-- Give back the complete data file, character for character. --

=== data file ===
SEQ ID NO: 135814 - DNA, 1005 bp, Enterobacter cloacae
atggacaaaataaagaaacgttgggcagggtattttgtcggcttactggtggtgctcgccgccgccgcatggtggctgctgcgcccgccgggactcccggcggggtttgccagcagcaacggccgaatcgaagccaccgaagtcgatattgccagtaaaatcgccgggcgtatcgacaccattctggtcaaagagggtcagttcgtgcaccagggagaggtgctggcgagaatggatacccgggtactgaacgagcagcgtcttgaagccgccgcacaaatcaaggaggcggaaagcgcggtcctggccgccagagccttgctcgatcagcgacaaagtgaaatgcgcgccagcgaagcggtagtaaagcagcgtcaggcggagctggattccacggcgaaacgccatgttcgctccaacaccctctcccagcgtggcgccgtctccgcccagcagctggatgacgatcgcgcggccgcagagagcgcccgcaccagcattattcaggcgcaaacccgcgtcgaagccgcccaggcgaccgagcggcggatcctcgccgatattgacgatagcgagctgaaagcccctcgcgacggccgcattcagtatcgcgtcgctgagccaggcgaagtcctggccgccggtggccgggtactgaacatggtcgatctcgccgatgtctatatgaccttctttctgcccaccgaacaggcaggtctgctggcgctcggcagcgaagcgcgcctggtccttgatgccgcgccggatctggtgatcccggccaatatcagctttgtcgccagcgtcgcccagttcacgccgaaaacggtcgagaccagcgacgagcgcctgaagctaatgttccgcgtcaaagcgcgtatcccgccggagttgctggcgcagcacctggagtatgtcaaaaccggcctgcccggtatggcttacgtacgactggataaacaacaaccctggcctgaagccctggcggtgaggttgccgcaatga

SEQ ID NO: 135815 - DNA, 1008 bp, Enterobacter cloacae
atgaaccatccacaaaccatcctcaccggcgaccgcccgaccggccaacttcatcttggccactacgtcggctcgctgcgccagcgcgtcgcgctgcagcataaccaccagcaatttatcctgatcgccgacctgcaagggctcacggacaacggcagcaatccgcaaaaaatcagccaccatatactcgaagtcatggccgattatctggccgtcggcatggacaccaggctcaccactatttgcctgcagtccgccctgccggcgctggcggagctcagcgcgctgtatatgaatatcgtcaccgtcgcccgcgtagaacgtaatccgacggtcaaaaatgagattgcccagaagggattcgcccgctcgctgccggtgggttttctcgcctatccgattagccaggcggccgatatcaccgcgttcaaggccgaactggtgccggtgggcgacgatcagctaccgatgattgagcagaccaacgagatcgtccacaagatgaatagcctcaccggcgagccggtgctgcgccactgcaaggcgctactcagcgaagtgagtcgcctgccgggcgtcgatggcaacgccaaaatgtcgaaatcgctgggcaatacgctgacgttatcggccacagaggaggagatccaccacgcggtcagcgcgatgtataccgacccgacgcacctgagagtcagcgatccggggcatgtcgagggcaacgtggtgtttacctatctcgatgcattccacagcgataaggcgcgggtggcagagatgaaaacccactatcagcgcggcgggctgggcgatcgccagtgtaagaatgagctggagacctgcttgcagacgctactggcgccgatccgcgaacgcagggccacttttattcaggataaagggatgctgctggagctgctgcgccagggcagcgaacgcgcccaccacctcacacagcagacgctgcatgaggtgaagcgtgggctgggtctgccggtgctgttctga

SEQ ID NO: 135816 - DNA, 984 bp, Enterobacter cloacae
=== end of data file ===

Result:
SEQ ID NO: 135814 - DNA, 1005 bp, Enterobacter cloacae
atggacaaaataaagaaacgttgggcagggtattttgtcggcttactggtggtgctcgccgccgccgcatggtggctgctgcgcccgccgggactcccggcggggtttgccagcagcaacggccgaatcgaagccaccgaagtcgatattgccagtaaaatcgccgggcgtatcgacaccattctggtcaaagagggtcagttcgtgcaccagggagaggtgctggcgagaatggatacccgggtactgaacgagcagcgtcttgaagccgccgcacaaatcaaggaggcggaaagcgcggtcctggccgccagagccttgctcgatcagcgacaaagtgaaatgcgcgccagcgaagcggtagtaaagcagcgtcaggcggagctggattccacggcgaaacgccatgttcgctccaacaccctctcccagcgtggcgccgtctccgcccagcagctggatgacgatcgcgcggccgcagagagcgcccgcaccagcattattcaggcgcaaacccgcgtcgaagccgcccaggcgaccgagcggcggatcctcgccgatattgacgatagcgagctgaaagcccctcgcgacggccgcattcagtatcgcgtcgctgagccaggcgaagtcctggccgccggtggccgggtactgaacatggtcgatctcgccgatgtctatatgaccttctttctgcccaccgaacaggcaggtctgctggcgctcggcagcgaagcgcgcctggtccttgatgccgcgccggatctggtgatcccggccaatatcagctttgtcgccagcgtcgcccagttcacgccgaaaacggtcgagaccagcgacgagcgcctgaagctaatgttccgcgtcaaagcgcgtatcccgccggagttgctggcgcagcacctggagtatgtcaaaaccggcctgcccggtatggcttacgtacgactggataaacaacaaccctggcctgaagccctggcggtgaggttgccgcaatga

SEQ ID NO: 135815 - DNA, 1008 bp, Enterobacter cloacae
atgaaccatccacaaaccatcctcaccggcgaccgcccgaccggccaacttcatcttggccactacgtcggctcgctgcgccagcgcgtcgcgctgcagcataaccaccagcaatttatcctgatcgccgacctgcaagggctcacggacaacggcagcaatccgcaaaaaatcagccaccatatactcgaagtcatggccgattatctggccgtcggcatggacaccaggctcaccactatttgcctgcagtccgccctgccggcgctggcggagctcagcgcgctgtatatgaatatcgtcaccgtcgcccgcgtagaacgtaatccgacggtcaaaaatgagattgcccagaagggattcgcccgctcgctgccggtgggttttctcgcctatccgattagccaggcggccgatatcaccgcgttcaaggccgaactggtgccggtgggcgacgatcagctaccgatgattgagcagaccaacgagatcgtccacaagatgaatagcctcaccggcgagccggtgctgcgccactgcaaggcgctactcagcgaagtgagtcgcctgccgggcgtcgatggcaacgccaaaatgtcgaaatcgctgggcaatacgctgacgttatcggccacagaggaggagatccaccacgcggtcagcgcgatgtataccgacccgacgcacctgagagtcagcgatccggggcatgtcgagggcaacgtggtgtttacctatctcgatgcattccacagcgataaggcgcgggtggcagagatgaaaacccactatcagcgcggcgggctgggcgatcgccagtgtaagaatgagctggagacctgcttgcagacgctactggcgccgatccgcgaacgcagggccacttttattcaggataaagggatgctgctggagctgctgcgccagggcagcgaacgcgcccaccacctcacacagcagacgctgcatgaggtgaagcgtgggctgggtctgccggtgctgttctga

SEQ ID NO: 135816 - DNA, 984 bp, Enterobacter cloacae